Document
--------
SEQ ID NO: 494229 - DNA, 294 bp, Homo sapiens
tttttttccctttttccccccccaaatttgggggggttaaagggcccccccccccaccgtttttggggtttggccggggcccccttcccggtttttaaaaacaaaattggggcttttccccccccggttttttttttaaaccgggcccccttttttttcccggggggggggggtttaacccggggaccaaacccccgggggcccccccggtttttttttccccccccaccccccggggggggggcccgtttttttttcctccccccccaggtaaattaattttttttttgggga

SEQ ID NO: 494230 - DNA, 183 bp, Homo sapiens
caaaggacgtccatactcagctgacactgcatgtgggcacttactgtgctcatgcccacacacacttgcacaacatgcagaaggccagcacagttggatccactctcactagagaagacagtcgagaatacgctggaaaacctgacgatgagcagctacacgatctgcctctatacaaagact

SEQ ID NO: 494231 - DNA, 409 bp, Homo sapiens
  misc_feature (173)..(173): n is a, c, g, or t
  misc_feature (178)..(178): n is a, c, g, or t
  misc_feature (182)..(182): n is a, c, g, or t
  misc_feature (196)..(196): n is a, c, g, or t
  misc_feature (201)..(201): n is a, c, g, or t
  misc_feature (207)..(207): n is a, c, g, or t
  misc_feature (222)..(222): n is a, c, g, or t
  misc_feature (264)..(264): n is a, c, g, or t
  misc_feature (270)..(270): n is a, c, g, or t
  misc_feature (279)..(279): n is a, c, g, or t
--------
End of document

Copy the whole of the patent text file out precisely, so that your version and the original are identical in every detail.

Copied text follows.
SEQ ID NO: 494229 - DNA, 294 bp, Homo sapiens
tttttttccctttttccccccccaaatttgggggggttaaagggcccccccccccaccgtttttggggtttggccggggcccccttcccggtttttaaaaacaaaattggggcttttccccccccggttttttttttaaaccgggcccccttttttttcccggggggggggggtttaacccggggaccaaacccccgggggcccccccggtttttttttccccccccaccccccggggggggggcccgtttttttttcctccccccccaggtaaattaattttttttttgggga

SEQ ID NO: 494230 - DNA, 183 bp, Homo sapiens
caaaggacgtccatactcagctgacactgcatgtgggcacttactgtgctcatgcccacacacacttgcacaacatgcagaaggccagcacagttggatccactctcactagagaagacagtcgagaatacgctggaaaacctgacgatgagcagctacacgatctgcctctatacaaagact

SEQ ID NO: 494231 - DNA, 409 bp, Homo sapiens
  misc_feature (173)..(173): n is a, c, g, or t
  misc_feature (178)..(178): n is a, c, g, or t
  misc_feature (182)..(182): n is a, c, g, or t
  misc_feature (196)..(196): n is a, c, g, or t
  misc_feature (201)..(201): n is a, c, g, or t
  misc_feature (207)..(207): n is a, c, g, or t
  misc_feature (222)..(222): n is a, c, g, or t
  misc_feature (264)..(264): n is a, c, g, or t
  misc_feature (270)..(270): n is a, c, g, or t
  misc_feature (279)..(279): n is a, c, g, or t